Inflation, output and welfare
This paper studies the effects of anticipated inflation on aggregate output and welfare within a search-theoretic framework. We allow money-holders to choose the intensities with which they search for trading partners, so inflation affects the frequency of trade as well as the quantity of output produced in each trade. We consider the standard pricing mechanism for search models, i.e., ex post bargaining, as well as a notion of competitive pricing. If prices are bargained over, the equilibrium is generically inefficient and an increase in inflation reduces buyers? search intensities, output ...
State-dependent pricing, inflation, and welfare in search economies
This paper investigates the welfare effects of inflation in economies with search frictions and menu costs. We first analyze an economy where there is no transaction demand for money balances: Money is a mere unit of account. We determine a condition under which price stability is optimal and a condition under which positive inflation is desirable. We relate these conditions to a standard efficiency condition for search economies. Second, we consider a related economy in which there is a transaction role for money. In the absence of menu costs, the Friedman rule is optimal. In the presence of ...
Recent developments in monetary economics: a summary of the 2004 Workshop on Money, Banking, and Payments
We provide a summary and an overview of the papers presented at the Federal Reserve Bank of Clevelands 2004 Workshop on Money, Banking, and Payments, held during the weeks of August 3-7 and August 23-27, 2004.
Search in asset markets: market structure, liquidity, and welfare
This paper investigates how market structure affects efficiency and several dimensions of liquidity in an asset market. To this end, we generalize the search-theoretic model of financial intermediation of Darrell Duffie et al. (2005) to allow for entry of dealers and unrestricted asset holdings.
The 2006 Summer Workshop on Money, Banking, and Payments: an overview
This Policy Discussion Paper summarizes the papers presented at the 2006 Summer Workshop on Money, Banking, and Payments. Every summer since 2002, some of the best researchers in the areas of theory, policy, and quantitative analysis relating to money, banking, and payments systems have met in Cleveland to discuss their latest work. The papers presented at the 2006 workshop cover a vast spectrum of issues and use a wide variety of methods. Still, there is an underlying theme, which is an effort to enhance our understanding of monetary economics, broadly defined, and to uncover new ways to ...
General equilibrium with nonconvexities, sunspots, and money
We study general equilibrium with nonconvexities. In these economies there exist sunspot equilibria without the usual assumptions needed in convex economies, and they have good welfare properties. Moreover, in these equilibria, agents act as if they have quasi-linear utility. Hence wealth effects vanish. We use this to construct a new model of monetary exchange. As in Lagos-Wright, trade occurs in both centralized and decentralized markets, but while that model requires quasilinearity, we have general preferences. Given our specification looks much like the textbook Arrow-Debreu model, we ...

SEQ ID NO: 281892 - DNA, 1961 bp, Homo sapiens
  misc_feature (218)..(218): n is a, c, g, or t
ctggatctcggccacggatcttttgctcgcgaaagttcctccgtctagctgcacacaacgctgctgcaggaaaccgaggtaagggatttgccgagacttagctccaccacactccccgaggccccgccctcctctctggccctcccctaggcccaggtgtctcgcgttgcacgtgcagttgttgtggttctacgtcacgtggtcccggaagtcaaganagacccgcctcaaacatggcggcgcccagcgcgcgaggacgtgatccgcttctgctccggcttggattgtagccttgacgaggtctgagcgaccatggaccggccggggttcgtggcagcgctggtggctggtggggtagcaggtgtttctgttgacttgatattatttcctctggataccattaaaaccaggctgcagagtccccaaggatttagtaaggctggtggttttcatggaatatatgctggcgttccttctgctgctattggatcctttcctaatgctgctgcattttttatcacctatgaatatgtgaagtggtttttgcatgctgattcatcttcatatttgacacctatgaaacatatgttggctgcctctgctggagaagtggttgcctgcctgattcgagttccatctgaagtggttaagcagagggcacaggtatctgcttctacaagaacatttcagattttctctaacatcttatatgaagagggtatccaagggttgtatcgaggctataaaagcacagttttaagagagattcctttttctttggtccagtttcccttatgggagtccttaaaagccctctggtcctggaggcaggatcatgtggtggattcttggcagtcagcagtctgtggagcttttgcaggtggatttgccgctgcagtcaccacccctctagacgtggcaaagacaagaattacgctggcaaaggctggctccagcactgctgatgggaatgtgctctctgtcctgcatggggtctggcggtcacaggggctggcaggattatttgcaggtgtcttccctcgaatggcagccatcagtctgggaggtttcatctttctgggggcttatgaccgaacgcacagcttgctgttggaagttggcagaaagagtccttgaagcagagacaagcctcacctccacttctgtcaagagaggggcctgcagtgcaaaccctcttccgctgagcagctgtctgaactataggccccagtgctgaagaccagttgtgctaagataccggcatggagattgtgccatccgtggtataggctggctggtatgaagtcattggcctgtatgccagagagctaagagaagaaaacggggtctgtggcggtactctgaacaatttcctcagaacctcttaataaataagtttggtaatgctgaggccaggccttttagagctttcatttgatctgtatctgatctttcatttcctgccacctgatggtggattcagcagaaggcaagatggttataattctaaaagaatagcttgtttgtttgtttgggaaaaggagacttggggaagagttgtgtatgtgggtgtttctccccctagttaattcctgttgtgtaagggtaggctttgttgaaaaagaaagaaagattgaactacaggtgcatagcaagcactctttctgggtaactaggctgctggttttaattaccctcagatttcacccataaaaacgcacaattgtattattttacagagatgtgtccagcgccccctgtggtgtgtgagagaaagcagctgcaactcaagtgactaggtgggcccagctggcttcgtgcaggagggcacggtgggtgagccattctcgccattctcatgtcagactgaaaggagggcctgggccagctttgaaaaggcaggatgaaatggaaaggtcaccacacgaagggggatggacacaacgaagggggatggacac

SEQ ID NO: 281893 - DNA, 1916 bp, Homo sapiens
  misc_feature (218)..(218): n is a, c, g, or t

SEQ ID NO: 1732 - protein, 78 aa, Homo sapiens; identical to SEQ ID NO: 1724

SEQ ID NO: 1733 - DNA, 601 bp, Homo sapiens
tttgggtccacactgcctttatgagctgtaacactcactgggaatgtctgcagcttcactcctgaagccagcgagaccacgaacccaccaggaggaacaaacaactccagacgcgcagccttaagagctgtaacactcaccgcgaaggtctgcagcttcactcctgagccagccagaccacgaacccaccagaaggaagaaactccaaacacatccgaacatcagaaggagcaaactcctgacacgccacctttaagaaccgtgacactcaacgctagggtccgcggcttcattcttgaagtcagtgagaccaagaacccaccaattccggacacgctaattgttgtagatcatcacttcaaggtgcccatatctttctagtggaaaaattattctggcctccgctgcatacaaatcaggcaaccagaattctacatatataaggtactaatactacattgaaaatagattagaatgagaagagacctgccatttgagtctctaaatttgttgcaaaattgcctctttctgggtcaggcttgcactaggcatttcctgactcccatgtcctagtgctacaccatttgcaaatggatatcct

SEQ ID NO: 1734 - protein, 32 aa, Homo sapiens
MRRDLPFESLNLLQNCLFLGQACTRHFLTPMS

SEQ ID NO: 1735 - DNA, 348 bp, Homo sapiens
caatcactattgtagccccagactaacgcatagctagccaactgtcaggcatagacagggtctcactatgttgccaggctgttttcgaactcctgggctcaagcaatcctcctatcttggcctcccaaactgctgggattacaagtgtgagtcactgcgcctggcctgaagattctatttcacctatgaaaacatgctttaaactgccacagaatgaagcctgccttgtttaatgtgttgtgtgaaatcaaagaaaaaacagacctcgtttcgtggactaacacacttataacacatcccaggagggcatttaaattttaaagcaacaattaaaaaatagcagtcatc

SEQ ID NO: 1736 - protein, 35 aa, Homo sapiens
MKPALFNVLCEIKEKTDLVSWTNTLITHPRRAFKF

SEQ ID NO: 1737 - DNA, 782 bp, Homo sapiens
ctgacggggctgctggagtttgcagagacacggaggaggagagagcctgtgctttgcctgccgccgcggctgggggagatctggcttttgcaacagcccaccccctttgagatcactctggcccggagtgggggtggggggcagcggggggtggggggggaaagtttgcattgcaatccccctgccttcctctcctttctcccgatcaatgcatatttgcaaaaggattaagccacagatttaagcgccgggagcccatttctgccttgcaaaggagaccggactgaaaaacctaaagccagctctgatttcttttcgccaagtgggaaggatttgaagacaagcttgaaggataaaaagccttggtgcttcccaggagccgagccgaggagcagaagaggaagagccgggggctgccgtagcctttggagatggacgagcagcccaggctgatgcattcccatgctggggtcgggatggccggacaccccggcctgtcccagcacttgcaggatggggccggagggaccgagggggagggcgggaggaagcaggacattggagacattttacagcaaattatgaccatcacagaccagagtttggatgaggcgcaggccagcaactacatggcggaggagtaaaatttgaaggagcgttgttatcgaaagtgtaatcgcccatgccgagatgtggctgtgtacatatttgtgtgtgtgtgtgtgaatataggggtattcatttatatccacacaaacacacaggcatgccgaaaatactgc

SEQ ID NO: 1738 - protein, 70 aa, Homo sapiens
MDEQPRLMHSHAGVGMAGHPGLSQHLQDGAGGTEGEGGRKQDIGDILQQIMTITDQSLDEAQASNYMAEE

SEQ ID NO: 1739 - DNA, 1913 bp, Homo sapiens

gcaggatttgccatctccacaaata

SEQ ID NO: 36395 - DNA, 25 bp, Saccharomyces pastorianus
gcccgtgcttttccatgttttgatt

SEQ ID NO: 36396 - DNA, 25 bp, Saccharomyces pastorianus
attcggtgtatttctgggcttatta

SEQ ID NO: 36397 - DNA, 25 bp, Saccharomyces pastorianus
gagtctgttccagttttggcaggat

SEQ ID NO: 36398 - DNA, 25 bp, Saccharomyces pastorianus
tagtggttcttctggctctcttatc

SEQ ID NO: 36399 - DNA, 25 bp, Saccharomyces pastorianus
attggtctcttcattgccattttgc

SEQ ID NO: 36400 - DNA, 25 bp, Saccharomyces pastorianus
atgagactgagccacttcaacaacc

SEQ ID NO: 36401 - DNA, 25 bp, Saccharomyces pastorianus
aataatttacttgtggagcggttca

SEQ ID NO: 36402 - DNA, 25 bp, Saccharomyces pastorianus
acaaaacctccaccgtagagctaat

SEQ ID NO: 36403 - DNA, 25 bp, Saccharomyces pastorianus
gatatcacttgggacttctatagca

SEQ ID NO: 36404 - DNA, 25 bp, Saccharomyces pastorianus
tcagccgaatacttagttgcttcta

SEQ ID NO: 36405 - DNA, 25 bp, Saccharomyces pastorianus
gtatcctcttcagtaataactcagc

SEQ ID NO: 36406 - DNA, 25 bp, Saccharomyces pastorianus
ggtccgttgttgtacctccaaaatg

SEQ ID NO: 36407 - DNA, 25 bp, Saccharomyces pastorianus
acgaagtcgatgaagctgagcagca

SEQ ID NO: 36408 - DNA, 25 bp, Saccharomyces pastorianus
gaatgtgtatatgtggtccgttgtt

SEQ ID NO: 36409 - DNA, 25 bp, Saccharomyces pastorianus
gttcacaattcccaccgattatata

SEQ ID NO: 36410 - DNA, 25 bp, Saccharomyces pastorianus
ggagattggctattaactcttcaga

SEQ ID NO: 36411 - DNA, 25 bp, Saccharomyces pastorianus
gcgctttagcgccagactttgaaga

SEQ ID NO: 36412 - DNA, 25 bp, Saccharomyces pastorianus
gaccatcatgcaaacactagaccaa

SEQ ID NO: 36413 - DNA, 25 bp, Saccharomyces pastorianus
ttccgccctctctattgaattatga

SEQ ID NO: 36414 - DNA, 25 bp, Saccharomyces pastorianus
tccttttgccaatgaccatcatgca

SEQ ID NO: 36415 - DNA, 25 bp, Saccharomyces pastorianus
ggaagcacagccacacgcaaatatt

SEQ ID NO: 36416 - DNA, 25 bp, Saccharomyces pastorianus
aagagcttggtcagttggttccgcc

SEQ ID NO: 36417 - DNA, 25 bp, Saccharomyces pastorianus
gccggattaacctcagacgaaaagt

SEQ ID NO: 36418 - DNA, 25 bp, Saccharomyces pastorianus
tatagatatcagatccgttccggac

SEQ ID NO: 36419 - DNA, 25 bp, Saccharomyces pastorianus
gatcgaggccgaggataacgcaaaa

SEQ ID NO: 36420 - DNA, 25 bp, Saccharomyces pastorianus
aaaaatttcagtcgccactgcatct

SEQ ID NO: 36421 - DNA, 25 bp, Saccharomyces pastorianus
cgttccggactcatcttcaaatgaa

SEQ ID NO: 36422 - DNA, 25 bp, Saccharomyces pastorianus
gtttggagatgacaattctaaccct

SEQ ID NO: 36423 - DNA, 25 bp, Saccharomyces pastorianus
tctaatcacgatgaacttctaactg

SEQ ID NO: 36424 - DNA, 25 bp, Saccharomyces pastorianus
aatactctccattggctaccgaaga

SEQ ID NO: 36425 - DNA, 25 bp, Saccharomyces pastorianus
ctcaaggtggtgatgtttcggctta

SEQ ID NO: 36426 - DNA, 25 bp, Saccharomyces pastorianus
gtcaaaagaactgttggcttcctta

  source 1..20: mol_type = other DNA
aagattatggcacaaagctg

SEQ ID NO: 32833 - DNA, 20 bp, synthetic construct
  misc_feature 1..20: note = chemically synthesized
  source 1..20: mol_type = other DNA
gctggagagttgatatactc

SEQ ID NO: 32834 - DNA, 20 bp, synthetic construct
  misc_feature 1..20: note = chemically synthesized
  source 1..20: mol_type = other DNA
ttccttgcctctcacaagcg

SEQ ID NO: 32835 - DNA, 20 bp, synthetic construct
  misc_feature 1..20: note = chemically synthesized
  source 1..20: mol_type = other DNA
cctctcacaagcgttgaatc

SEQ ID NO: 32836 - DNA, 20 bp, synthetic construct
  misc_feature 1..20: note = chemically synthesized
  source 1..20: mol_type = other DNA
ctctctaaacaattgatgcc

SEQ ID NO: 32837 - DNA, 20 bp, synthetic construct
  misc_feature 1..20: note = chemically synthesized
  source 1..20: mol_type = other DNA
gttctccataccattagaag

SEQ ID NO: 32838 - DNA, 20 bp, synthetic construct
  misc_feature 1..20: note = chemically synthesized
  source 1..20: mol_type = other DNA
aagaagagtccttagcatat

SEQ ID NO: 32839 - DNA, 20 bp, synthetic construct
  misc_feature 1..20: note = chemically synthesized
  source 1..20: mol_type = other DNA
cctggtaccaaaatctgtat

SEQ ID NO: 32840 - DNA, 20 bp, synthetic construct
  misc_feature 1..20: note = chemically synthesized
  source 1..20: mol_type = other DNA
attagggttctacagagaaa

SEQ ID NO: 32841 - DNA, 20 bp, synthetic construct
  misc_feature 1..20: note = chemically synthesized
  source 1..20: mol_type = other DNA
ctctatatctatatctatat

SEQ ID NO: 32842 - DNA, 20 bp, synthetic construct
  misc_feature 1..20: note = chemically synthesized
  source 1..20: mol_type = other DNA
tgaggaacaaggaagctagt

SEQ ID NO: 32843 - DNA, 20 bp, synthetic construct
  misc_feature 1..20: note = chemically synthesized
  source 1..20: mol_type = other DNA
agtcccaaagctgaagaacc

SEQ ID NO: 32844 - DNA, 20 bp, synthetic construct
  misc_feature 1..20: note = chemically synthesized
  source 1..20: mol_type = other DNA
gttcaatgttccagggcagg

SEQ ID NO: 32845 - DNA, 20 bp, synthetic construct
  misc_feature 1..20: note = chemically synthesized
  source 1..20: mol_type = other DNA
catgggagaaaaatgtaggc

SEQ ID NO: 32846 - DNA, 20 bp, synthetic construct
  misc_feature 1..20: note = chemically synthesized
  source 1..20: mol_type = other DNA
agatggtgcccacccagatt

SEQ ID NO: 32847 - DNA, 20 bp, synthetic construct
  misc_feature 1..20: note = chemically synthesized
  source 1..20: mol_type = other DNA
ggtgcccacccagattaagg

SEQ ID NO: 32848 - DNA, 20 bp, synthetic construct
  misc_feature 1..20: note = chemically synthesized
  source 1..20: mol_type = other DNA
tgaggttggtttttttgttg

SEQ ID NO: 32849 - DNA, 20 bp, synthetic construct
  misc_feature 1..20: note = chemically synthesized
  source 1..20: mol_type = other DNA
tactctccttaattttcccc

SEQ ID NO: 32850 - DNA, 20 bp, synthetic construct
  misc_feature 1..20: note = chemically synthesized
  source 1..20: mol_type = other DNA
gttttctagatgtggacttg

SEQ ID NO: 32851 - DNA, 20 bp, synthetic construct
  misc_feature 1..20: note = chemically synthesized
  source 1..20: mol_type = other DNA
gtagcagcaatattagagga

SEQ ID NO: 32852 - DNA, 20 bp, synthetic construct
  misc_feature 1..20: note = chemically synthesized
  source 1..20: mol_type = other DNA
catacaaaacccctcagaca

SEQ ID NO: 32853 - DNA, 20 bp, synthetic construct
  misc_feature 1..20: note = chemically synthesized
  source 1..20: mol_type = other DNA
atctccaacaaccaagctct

The tale of Gresham's law
Gresham?s law, which says that bad money tends to drive good money out of circulation, may account for many nations? episodes of money troubles, as far back as ancient Athens. This Commentary discusses the two main explanations for Gresham?s law and suggests some circumstances in which the law does not apply.
Lending Relationships and Optimal Monetary Policy
We construct and calibrate a monetary model of corporate finance with endogenous formation of lending relationships. The equilibrium features money demands by firms that depend on their access to credit and a pecking order of financing means. We describe the mechanism through which monetary policy affects the creation of relationships and firms' incentives to use internal or external finance. We study optimal monetary policy following an unanticipated destruction of relationships under different commitment assumptions. The Ramsey solution uses forward guidance to expedite creation of new ...
Liquidity in asset markets with search frictions
We develop a search-theoretic model of financial intermediation and use it to study how trading frictions affect the distribution of asset holdings, asset prices, efficiency and standard measures of liquidity. A distinctive feature of our theory is that it allows for unrestricted asset holdings, so market participants can accommodate trading frictions by adjusting their asset positions. We show that these individual responses of asset demands constitute a fundamental feature of illiquid markets: they are a key determinant of bid-ask spreads, trade volume and trading delays?all the dimensions ...
The economics of payments
In this paper we provide a survey of the payment literature in a unified framework. The environment is a variant of the Lagos and Wright (2005) model of monetary exchange, where some trades occur in bilateral meetings while others occur in more or less decentralized markets. We use this basic environment to introduce alternative sets of trading frictions that give rise to different payments instruments and/or payments institutions. We investigate credit economies, monetary economies, and economies in which money and credit coexist. We also study alternative assets, such as foreign exchange, ...